Gabardini Idrovolante

Technical Specifications
Name : Gabardini Idrovolante
Family : Floatplane
Manufacturer : Ditta Giuseppe Gabardini – Fabbrica di Aeroplani
Nation : Italy
Production Year : 1913
Length : 7,35 m
Span : 10 m
Height : 2,50 m
Wing Area : 18 m²
Empty : 400 kg
Maximum Take-off :  700 kg
Gnome 80 HP
Maximum Speed : 125 km/h

The Gabardini Idro is a pioneer airplane built by one of the earliest Italian aircraft manufacturers. It was derived from the landplane that made several memorable flights, including the crossing of the Alps of 27 July 1914.
It was conceived in 1912 by Giuseppe Gabardini (1879-1936) and was built in Taliedo (Milan). Its most original features for the time were the steel-tube fuselage frame and mixed metal-wood wing spars. Lateral control was by wing warping. It flew in spring 1913 with Guido Paolucci (1891-?) and took part in the Turin Military Competition, without winning. In 1914 Gabardini relocated to Cameri, near Novara, where during the First World War his school graduated 1.141 pilots including the famous Arturo Ferrarin (1895-1941) and Guido Keller (1892-1929). The school initially used only Gabardini single-seat monoplanes, collectively known as “Gabarda” but fitted with 35, 50 and 80 HP engines for the various training phases. Postwar the monoplane was known as Tipo Alpi. The Idro flew in summer 1913 and differed from the landplane only in replacing the wheels with wooden floats placed under the cockpit and the tail. It missed the Lakes’ Circuit in Como, but on 14-16 December 1913 Filippo Cevasco (1889-1914) flew it in stages from Sesto Calende, near Varese, to Rome, attracting much attention in the newspapers. A few months later Cevasco died in a crash in Sesto Calende while preparing a Genova-Tripoli flight. The Idro on display is the only survivor of the handful that was built. Its early history is unknown. It was certainly on display in 1934 in the Esposizione Aeronautica Italiana in Milan and in the Caproni Museum in Taliedo in 1940. Restoration by AREA brought to light the civil registration I-AXAC, assigned to the Tipo Alpi no. 508, registered in 1927 and cancelled in 1935. Loaned to the Museum in 2009 by the Caproni family, it was unveiled in Cameri on 4 October 2009.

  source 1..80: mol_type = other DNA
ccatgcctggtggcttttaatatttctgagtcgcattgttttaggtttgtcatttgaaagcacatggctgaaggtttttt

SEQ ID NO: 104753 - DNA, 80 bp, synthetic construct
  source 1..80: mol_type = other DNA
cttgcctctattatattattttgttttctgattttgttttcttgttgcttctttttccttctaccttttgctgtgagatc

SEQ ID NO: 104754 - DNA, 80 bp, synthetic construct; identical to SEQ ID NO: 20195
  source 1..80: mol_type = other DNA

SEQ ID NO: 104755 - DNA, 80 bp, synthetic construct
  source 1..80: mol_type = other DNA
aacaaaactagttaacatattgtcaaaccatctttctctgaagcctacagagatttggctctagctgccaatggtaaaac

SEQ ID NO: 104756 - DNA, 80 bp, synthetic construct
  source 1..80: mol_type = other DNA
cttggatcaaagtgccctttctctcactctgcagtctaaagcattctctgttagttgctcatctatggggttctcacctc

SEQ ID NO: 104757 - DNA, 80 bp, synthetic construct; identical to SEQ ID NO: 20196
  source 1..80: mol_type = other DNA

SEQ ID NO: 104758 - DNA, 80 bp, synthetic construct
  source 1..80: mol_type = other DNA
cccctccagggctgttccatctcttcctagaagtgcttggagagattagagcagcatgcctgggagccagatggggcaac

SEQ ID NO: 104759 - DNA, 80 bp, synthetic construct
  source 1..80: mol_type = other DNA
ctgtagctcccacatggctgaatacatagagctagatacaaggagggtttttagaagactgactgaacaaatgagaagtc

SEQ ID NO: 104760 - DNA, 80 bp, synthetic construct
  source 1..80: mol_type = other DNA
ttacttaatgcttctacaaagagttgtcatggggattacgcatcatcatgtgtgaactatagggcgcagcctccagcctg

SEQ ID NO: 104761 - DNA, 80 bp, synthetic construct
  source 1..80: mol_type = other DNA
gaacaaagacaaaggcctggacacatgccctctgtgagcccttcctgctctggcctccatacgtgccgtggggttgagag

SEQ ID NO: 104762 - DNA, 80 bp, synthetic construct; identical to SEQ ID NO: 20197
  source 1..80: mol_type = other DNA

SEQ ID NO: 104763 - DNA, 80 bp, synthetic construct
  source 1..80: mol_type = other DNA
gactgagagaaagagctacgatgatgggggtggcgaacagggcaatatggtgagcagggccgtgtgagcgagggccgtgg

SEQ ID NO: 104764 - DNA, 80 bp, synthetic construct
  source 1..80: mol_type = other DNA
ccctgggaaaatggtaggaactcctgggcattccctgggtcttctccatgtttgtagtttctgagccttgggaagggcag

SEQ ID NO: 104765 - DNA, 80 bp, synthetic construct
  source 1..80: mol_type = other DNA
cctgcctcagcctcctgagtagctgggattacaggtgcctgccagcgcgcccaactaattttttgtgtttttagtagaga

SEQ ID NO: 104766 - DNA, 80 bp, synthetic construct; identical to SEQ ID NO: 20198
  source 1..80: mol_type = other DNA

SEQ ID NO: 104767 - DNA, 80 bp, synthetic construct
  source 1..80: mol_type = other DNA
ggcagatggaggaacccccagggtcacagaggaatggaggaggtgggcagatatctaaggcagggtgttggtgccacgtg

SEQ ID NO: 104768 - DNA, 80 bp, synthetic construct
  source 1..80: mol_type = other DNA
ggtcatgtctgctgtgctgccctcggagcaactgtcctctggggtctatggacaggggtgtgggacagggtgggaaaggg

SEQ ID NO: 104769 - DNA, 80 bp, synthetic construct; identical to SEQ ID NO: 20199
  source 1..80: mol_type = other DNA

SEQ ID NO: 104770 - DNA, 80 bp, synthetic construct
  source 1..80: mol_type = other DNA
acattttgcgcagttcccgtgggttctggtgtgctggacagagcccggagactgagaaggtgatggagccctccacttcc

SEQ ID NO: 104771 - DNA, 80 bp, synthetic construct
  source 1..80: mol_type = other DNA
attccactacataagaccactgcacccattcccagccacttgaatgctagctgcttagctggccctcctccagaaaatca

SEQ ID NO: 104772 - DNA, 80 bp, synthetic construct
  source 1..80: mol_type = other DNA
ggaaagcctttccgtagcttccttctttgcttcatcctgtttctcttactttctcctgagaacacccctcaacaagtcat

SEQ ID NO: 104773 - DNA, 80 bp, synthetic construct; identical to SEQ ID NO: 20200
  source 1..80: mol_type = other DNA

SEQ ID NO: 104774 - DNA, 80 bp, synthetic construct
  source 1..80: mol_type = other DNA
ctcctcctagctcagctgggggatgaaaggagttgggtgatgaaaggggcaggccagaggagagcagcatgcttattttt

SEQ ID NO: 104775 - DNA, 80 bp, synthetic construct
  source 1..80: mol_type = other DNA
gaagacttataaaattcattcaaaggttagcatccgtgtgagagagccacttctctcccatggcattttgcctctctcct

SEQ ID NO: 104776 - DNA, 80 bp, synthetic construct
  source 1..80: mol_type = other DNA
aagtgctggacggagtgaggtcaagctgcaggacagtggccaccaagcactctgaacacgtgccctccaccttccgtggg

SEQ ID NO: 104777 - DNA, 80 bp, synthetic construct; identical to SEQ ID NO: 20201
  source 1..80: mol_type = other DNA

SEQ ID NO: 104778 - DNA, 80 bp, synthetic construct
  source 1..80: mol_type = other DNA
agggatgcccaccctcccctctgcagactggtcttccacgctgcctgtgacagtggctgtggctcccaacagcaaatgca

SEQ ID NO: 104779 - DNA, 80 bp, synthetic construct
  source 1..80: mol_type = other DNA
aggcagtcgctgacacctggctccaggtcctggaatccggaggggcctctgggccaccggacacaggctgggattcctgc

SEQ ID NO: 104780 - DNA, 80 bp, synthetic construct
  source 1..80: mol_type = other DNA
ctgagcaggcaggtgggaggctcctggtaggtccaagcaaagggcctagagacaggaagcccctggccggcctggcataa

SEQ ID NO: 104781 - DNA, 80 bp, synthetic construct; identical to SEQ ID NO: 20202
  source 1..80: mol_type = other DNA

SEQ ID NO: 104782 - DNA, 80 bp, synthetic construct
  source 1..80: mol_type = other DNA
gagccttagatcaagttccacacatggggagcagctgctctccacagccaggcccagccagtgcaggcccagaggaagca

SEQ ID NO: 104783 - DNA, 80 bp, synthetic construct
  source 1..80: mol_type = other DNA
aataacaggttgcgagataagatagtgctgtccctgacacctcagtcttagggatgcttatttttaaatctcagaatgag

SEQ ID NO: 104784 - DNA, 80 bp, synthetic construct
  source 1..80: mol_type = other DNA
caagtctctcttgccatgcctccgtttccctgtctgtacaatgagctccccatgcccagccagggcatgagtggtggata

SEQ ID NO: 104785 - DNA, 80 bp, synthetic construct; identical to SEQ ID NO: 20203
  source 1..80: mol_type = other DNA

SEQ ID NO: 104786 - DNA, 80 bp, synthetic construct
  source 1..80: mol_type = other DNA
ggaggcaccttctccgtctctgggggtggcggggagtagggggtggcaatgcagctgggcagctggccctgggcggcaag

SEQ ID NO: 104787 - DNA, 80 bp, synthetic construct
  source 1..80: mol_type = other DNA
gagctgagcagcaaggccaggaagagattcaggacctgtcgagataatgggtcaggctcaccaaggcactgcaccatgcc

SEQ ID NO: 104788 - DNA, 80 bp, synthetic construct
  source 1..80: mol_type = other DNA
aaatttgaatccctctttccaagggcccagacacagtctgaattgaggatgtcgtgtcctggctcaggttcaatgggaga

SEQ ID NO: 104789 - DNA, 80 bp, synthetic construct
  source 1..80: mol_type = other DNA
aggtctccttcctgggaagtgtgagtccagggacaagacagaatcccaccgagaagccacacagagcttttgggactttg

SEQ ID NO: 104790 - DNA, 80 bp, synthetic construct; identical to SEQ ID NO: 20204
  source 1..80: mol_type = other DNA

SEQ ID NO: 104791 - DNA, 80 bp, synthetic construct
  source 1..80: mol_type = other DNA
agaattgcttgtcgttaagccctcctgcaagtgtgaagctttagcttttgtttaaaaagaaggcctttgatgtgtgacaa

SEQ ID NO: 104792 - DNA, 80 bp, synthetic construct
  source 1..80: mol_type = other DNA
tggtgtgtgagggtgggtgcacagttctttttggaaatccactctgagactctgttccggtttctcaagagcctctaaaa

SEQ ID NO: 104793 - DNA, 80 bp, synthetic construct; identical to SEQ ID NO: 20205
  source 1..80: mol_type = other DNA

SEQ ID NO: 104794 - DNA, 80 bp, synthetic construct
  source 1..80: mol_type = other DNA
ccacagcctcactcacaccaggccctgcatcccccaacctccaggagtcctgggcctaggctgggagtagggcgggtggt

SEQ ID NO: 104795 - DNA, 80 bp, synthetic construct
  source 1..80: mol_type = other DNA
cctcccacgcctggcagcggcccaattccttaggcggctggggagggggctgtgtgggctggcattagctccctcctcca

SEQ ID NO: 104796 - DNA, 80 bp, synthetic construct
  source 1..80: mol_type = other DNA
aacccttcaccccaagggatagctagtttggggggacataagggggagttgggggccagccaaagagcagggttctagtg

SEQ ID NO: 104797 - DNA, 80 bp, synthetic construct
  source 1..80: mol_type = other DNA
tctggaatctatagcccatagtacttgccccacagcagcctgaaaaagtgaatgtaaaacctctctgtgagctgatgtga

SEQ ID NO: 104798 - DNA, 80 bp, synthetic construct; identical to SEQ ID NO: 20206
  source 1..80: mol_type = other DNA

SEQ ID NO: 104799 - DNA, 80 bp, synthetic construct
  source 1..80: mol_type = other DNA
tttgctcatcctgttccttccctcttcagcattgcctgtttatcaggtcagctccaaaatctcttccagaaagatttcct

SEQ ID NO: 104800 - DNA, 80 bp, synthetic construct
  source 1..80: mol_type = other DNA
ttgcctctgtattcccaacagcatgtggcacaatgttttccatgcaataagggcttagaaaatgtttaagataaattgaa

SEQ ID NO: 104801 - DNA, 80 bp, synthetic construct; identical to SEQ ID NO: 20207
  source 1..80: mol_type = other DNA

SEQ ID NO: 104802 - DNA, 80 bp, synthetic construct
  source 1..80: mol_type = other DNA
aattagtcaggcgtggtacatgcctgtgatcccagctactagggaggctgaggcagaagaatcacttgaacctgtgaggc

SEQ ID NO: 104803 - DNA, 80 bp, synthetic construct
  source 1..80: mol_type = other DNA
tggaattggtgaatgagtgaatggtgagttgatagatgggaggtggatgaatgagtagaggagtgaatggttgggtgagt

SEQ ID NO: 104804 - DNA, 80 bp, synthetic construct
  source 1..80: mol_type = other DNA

All data refer to the Model 1914 seaplane.

kids & family
Simulator area
Pic-Nic Area

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